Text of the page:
I have just acquired a very nice example of this excavator, but some of the (original) cords are in a tangle. Does anyone know the correct way to thread the cord for the dipper arm, or, even better, have a scan of the operating instructions that came with the toy?
I will post a photo when the re-stringing is done,
Here is the model in question, repro box and tracks, but all else, including the cord, is original and in near-mint condition. Unfortunately, the re-stringing issue is not yet resolved!
VARIATIONS - I have recently seen other, slightly different versions of this model. Mine has red pulleys (actually plastic lorry front hubs) at the base of the jib, but a friend has one with green pulleys, and I have seen two examples without any at all. The one that my friend owns also has additional "Ruston Bucyrus" transfers fitted at the top of the rear panel, and on the sloping panel opposite the operator's cabin. He assures me that it was bought new this way in the late 1960's. Are there any other known variations?
I am aware of the red and green pulleys but not of the transfer on the front pannel. It would be nice if you could provide a close up of the transfer.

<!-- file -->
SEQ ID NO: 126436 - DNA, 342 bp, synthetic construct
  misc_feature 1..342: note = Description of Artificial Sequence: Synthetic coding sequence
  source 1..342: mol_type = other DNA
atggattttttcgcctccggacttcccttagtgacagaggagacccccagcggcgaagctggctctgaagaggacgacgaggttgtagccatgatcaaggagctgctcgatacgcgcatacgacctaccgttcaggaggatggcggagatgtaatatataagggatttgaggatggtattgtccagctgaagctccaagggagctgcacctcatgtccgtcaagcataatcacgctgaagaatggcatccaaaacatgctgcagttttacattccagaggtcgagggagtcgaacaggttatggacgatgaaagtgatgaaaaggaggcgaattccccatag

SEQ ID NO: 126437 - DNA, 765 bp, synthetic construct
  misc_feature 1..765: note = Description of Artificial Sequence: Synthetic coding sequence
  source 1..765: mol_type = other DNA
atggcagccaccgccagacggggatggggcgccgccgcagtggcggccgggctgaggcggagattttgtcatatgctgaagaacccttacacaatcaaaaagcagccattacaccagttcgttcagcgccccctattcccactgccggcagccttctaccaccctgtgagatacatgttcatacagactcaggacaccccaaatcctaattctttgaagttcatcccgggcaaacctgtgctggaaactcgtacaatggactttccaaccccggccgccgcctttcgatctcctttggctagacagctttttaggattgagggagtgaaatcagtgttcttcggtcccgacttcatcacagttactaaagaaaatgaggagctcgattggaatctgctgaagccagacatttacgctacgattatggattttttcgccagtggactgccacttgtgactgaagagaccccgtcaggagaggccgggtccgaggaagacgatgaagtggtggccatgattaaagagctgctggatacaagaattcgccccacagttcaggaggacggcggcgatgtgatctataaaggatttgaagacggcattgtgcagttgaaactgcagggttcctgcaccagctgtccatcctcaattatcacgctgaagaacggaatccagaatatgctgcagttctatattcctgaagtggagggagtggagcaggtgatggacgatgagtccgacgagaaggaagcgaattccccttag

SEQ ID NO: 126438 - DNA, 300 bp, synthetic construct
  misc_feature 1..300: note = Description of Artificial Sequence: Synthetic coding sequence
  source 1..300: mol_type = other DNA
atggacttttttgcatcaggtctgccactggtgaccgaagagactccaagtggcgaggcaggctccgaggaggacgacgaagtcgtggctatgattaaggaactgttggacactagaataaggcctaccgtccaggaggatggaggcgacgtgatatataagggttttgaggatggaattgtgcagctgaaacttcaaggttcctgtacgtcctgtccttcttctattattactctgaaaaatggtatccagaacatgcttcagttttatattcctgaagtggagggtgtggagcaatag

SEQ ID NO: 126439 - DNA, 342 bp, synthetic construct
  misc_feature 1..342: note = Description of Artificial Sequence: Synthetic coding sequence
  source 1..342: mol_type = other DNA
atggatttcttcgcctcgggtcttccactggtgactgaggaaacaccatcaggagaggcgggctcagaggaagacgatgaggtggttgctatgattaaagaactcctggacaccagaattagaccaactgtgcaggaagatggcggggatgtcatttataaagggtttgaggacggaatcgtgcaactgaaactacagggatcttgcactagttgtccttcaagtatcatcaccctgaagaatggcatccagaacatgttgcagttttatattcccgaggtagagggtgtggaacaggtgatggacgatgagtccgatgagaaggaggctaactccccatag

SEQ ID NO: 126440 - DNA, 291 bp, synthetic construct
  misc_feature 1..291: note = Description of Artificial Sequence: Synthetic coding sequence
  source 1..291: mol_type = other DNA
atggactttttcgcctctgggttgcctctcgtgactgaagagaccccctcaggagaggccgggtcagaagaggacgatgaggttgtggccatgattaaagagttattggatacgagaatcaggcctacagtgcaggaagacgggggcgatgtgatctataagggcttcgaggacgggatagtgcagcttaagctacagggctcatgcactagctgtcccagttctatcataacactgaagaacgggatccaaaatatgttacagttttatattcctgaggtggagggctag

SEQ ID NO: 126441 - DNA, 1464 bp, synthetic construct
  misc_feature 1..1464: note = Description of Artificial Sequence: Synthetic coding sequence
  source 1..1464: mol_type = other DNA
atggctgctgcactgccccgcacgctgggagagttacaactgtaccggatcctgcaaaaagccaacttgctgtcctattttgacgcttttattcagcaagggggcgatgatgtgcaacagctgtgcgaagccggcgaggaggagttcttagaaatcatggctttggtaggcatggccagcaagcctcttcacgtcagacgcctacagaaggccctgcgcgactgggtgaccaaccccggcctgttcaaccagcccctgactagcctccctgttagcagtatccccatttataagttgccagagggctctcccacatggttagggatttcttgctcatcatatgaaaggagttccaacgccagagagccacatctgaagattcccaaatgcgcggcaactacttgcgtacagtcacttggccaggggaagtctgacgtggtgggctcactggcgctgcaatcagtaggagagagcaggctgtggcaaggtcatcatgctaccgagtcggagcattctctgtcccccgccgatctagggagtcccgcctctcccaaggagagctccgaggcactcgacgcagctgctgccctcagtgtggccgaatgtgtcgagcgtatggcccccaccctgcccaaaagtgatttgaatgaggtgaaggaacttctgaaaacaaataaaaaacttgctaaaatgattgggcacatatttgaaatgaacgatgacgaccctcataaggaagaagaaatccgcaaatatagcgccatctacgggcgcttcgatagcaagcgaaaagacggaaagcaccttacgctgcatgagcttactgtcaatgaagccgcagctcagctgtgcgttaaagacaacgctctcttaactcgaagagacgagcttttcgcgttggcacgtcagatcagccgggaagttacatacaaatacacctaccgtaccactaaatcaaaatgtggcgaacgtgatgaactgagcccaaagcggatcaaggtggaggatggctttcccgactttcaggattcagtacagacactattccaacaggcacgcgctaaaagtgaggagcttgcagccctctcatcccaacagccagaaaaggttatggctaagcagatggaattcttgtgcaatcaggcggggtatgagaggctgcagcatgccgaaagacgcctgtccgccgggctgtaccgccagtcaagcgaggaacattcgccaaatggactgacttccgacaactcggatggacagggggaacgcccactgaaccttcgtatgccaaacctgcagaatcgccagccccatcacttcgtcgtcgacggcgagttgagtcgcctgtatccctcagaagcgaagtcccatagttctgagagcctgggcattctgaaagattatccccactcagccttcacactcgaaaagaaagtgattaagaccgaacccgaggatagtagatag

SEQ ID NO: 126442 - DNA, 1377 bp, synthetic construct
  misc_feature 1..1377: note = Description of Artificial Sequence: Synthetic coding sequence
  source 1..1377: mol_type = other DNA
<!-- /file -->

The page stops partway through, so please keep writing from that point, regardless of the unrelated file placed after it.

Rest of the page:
A readable copy of the stringing notice will not be easy to find as this is quite a rare model probably because of the plastic body and because the bracket at the junction of the two booms is so fragile and breaks very easily. I have a poor scan of this notice and from what I can see, here is a scketch of what you need. I hope that this can help.
I bought mine from Mike Richardson at the first Windsor swapmeet in the early 70's.
I wander if this unusual model was a promotionnal ordered by Ruston Bucyrus like several other Dinky ?
Hello Dinky friends,
I just received a second RB excavator.
What a wonderful model.
As TheToyman wrote, the number one model in it's field!
The only difference is the colour of the string used.
I included some pictures to show how all the strings are fitted.
We have still not seen your friend's digger with RB transfers on the front and rear of the cab. cf. your post # 3 above. This is possibly a promotionnal issue and I would apreciate to include it in the Encyclopaedia. Other members would probably also like to see it.